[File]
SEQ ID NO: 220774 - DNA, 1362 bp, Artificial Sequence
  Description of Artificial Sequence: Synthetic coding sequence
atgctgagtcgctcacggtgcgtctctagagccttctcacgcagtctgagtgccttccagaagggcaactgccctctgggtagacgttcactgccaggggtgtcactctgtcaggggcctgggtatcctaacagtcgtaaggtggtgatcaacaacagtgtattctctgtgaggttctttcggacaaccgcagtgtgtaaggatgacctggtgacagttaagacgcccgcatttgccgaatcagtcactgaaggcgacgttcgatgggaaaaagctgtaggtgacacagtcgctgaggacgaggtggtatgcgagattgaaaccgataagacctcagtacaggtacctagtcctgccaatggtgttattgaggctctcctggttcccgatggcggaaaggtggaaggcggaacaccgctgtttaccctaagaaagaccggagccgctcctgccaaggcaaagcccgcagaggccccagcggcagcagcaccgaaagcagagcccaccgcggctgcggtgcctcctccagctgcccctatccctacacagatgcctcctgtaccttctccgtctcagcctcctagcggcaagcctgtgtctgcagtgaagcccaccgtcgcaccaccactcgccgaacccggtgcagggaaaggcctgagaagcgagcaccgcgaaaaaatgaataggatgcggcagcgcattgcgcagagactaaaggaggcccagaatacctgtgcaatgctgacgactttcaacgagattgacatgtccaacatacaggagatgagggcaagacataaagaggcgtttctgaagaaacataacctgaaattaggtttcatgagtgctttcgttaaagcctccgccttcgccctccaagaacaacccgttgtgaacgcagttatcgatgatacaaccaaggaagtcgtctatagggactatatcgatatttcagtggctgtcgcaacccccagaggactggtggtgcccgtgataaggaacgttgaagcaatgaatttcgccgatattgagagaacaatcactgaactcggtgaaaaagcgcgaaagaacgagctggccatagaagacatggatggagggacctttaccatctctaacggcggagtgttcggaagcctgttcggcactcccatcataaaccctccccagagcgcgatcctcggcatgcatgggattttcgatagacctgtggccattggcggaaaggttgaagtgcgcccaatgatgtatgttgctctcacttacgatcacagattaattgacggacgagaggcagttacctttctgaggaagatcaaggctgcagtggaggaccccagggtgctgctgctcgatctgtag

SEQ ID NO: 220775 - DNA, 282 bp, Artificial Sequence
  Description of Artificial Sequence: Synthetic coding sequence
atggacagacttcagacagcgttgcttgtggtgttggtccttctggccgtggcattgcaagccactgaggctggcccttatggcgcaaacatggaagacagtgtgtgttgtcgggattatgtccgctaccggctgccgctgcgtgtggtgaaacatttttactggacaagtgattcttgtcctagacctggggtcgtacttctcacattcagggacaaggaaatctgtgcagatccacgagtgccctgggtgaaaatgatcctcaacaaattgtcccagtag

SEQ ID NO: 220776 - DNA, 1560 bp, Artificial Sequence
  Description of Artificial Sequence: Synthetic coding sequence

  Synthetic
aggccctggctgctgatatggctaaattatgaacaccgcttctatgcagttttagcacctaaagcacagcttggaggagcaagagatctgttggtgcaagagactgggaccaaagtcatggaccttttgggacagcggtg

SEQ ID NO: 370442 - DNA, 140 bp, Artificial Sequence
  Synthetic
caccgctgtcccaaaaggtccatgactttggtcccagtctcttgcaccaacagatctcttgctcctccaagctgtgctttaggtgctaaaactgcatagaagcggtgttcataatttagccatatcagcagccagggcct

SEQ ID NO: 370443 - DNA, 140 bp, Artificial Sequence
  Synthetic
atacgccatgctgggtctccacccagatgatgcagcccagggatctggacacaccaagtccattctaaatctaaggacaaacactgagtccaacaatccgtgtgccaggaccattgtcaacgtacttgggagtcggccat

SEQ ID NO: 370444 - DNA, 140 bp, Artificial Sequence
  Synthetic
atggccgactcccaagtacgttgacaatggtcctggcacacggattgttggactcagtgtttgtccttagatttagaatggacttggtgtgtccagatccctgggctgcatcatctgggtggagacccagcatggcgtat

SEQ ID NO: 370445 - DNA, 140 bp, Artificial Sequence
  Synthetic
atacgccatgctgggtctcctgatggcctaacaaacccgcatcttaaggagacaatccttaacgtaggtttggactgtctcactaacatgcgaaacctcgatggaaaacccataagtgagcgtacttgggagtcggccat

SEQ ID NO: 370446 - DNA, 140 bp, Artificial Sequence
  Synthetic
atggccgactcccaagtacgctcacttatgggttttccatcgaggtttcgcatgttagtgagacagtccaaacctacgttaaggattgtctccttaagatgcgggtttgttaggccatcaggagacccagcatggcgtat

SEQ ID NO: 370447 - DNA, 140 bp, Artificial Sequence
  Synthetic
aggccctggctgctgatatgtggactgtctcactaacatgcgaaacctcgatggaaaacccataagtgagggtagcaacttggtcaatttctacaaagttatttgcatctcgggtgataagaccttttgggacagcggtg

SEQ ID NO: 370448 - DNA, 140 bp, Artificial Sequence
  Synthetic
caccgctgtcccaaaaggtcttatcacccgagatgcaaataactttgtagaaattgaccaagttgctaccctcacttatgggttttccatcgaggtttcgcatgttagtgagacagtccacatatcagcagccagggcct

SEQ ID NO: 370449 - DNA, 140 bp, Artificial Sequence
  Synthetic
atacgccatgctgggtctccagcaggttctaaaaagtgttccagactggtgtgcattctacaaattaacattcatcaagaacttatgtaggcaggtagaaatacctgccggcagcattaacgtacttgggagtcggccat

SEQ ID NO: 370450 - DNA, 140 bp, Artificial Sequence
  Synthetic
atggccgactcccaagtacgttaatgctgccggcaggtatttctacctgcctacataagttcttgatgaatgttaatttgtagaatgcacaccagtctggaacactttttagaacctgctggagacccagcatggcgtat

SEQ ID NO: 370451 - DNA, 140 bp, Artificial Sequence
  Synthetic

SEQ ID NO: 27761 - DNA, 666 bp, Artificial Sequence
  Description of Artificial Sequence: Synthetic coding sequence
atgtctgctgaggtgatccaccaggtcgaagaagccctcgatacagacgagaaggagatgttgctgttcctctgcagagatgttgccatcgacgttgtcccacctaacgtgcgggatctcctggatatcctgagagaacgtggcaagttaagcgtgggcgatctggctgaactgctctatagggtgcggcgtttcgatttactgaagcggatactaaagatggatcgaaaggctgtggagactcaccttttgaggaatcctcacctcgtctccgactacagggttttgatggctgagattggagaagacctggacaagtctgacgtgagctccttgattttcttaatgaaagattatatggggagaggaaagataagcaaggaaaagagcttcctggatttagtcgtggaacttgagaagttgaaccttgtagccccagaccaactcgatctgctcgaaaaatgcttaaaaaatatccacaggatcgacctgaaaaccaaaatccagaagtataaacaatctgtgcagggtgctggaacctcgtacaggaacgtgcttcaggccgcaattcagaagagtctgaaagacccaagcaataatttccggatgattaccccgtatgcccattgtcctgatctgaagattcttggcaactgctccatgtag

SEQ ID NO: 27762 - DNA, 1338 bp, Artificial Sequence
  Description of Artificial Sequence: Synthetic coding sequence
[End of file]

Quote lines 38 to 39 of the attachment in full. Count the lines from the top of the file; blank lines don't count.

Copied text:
SEQ ID NO: 370451 - DNA, 140 bp, Artificial Sequence
  Synthetic